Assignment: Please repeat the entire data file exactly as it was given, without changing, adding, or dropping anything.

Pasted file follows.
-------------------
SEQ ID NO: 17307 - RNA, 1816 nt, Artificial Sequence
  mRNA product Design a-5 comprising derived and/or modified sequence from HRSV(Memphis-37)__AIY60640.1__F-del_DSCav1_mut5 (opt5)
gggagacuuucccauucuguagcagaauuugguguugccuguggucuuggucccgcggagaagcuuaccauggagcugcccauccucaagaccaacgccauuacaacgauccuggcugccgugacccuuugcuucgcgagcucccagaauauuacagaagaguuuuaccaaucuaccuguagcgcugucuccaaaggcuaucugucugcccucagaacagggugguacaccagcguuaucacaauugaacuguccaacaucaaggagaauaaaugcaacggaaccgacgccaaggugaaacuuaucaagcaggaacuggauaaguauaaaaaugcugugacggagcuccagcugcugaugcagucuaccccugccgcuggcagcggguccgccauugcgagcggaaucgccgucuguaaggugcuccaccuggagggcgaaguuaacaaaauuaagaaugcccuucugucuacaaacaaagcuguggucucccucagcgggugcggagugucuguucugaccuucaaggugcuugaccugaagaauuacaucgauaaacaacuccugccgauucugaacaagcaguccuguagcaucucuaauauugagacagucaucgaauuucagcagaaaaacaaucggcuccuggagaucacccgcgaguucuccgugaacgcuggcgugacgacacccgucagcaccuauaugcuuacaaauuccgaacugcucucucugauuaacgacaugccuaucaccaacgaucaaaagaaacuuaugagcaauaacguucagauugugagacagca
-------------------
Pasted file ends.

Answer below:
SEQ ID NO: 17307 - RNA, 1816 nt, Artificial Sequence
  mRNA product Design a-5 comprising derived and/or modified sequence from HRSV(Memphis-37)__AIY60640.1__F-del_DSCav1_mut5 (opt5)
gggagacuuucccauucuguagcagaauuugguguugccuguggucuuggucccgcggagaagcuuaccauggagcugcccauccucaagaccaacgccauuacaacgauccuggcugccgugacccuuugcuucgcgagcucccagaauauuacagaagaguuuuaccaaucuaccuguagcgcugucuccaaaggcuaucugucugcccucagaacagggugguacaccagcguuaucacaauugaacuguccaacaucaaggagaauaaaugcaacggaaccgacgccaaggugaaacuuaucaagcaggaacuggauaaguauaaaaaugcugugacggagcuccagcugcugaugcagucuaccccugccgcuggcagcggguccgccauugcgagcggaaucgccgucuguaaggugcuccaccuggagggcgaaguuaacaaaauuaagaaugcccuucugucuacaaacaaagcuguggucucccucagcgggugcggagugucuguucugaccuucaaggugcuugaccugaagaauuacaucgauaaacaacuccugccgauucugaacaagcaguccuguagcaucucuaauauugagacagucaucgaauuucagcagaaaaacaaucggcuccuggagaucacccgcgaguucuccgugaacgcuggcgugacgacacccgucagcaccuauaugcuuacaaauuccgaacugcucucucugauuaacgacaugccuaucaccaacgaucaaaagaaacuuaugagcaauaacguucagauugugagacagca